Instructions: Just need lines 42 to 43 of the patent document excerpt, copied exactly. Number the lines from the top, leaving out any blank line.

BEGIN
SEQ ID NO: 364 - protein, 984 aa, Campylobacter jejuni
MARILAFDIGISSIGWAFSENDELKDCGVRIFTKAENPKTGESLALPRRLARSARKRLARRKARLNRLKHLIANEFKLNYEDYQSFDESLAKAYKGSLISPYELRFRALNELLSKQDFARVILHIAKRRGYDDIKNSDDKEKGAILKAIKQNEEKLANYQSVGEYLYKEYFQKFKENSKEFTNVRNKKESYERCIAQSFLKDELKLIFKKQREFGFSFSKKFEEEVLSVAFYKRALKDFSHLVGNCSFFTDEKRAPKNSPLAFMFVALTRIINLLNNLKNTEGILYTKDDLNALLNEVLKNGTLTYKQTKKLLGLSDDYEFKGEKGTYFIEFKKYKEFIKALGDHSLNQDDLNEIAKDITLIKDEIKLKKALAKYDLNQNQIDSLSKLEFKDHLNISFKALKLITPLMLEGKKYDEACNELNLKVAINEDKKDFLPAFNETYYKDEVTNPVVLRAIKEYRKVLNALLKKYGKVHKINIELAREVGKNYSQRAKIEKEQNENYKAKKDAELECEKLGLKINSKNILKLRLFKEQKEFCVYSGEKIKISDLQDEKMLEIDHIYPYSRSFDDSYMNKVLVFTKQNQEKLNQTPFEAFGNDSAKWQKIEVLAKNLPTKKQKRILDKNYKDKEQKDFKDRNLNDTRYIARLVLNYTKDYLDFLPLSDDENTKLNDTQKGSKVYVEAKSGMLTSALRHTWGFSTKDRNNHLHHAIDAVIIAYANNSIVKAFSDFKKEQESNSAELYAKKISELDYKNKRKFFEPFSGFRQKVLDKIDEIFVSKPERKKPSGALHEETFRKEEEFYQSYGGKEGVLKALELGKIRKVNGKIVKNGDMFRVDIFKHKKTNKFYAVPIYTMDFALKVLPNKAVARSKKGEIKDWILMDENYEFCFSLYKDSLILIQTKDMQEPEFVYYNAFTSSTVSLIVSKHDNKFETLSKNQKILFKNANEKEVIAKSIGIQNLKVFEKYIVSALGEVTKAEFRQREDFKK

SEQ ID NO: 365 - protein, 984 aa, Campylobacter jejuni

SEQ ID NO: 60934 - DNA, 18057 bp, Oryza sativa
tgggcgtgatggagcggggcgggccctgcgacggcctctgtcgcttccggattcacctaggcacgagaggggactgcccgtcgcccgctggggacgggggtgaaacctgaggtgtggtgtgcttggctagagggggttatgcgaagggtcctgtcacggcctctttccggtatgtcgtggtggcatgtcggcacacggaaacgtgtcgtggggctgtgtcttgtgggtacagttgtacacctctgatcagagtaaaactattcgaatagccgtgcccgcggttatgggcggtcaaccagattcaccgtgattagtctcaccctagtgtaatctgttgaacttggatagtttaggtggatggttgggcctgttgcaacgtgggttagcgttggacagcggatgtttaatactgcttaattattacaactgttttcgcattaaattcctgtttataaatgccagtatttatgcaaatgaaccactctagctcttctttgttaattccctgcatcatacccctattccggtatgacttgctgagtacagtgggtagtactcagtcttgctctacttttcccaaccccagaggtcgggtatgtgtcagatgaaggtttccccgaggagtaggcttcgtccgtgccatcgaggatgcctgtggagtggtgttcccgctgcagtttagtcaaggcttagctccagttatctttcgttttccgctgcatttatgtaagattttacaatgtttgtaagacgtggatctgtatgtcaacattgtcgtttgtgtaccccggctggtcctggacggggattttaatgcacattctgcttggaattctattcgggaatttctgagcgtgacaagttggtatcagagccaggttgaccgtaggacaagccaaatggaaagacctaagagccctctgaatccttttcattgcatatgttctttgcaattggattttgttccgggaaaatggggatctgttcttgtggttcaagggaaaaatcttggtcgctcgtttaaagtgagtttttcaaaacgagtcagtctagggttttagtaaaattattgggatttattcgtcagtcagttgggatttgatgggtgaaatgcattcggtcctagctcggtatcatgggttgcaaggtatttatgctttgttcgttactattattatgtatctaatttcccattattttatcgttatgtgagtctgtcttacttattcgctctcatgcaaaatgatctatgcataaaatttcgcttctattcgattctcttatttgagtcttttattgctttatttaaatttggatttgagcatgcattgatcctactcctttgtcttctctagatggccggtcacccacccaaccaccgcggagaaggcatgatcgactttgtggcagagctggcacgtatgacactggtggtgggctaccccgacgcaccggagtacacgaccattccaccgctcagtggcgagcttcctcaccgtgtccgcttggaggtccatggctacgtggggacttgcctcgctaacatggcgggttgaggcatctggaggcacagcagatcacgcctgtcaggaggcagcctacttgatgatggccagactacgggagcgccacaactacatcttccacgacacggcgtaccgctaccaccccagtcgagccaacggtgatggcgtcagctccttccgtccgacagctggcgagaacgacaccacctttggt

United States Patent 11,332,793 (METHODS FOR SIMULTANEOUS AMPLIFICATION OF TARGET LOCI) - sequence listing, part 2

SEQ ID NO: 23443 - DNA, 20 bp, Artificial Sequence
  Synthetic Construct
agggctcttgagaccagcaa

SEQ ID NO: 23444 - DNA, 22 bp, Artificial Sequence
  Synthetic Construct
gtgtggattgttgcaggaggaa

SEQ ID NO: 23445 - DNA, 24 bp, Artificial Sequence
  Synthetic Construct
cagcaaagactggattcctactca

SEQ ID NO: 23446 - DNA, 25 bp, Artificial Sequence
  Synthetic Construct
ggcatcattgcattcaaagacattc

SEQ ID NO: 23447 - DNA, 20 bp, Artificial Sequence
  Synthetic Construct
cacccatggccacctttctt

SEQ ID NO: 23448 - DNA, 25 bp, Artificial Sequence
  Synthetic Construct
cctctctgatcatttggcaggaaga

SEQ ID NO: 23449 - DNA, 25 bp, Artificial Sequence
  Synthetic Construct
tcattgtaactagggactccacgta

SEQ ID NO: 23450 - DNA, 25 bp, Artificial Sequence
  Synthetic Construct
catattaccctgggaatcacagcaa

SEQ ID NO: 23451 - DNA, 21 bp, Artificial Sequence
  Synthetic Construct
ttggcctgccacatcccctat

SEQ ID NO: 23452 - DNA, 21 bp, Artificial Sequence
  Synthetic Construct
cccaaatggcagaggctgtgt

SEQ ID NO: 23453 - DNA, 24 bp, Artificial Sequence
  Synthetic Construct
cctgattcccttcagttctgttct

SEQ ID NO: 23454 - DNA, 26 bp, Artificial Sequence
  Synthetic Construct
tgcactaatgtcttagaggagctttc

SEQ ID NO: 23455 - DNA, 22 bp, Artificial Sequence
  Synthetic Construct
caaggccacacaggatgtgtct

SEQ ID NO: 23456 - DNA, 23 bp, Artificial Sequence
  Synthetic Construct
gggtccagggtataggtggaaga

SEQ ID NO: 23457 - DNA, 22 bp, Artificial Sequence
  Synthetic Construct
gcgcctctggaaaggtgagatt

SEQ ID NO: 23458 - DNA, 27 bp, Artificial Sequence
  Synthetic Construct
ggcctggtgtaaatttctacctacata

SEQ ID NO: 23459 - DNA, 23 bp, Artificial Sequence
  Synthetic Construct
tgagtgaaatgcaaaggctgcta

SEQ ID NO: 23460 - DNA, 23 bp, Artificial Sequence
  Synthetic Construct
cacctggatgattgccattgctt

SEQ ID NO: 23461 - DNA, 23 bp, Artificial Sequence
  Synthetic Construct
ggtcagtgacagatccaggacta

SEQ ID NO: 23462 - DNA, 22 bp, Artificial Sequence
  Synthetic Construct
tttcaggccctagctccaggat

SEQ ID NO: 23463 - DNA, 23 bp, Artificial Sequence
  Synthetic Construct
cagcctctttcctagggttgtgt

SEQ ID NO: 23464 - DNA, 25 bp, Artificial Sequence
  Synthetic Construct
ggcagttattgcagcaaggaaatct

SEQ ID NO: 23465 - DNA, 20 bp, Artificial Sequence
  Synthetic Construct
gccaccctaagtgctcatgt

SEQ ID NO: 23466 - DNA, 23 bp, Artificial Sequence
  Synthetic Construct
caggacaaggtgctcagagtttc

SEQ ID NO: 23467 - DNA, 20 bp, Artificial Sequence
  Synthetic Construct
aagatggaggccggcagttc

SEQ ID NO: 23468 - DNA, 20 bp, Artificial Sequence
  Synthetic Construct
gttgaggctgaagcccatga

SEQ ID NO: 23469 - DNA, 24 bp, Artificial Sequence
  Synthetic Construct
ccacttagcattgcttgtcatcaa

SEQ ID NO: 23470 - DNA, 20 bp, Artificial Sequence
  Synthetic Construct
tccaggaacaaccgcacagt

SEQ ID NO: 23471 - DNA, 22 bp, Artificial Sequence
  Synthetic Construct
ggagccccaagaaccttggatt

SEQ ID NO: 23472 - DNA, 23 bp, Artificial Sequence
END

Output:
tgcactaatgtcttagaggagctttc

SEQ ID NO: 23455 - DNA, 22 bp, Artificial Sequence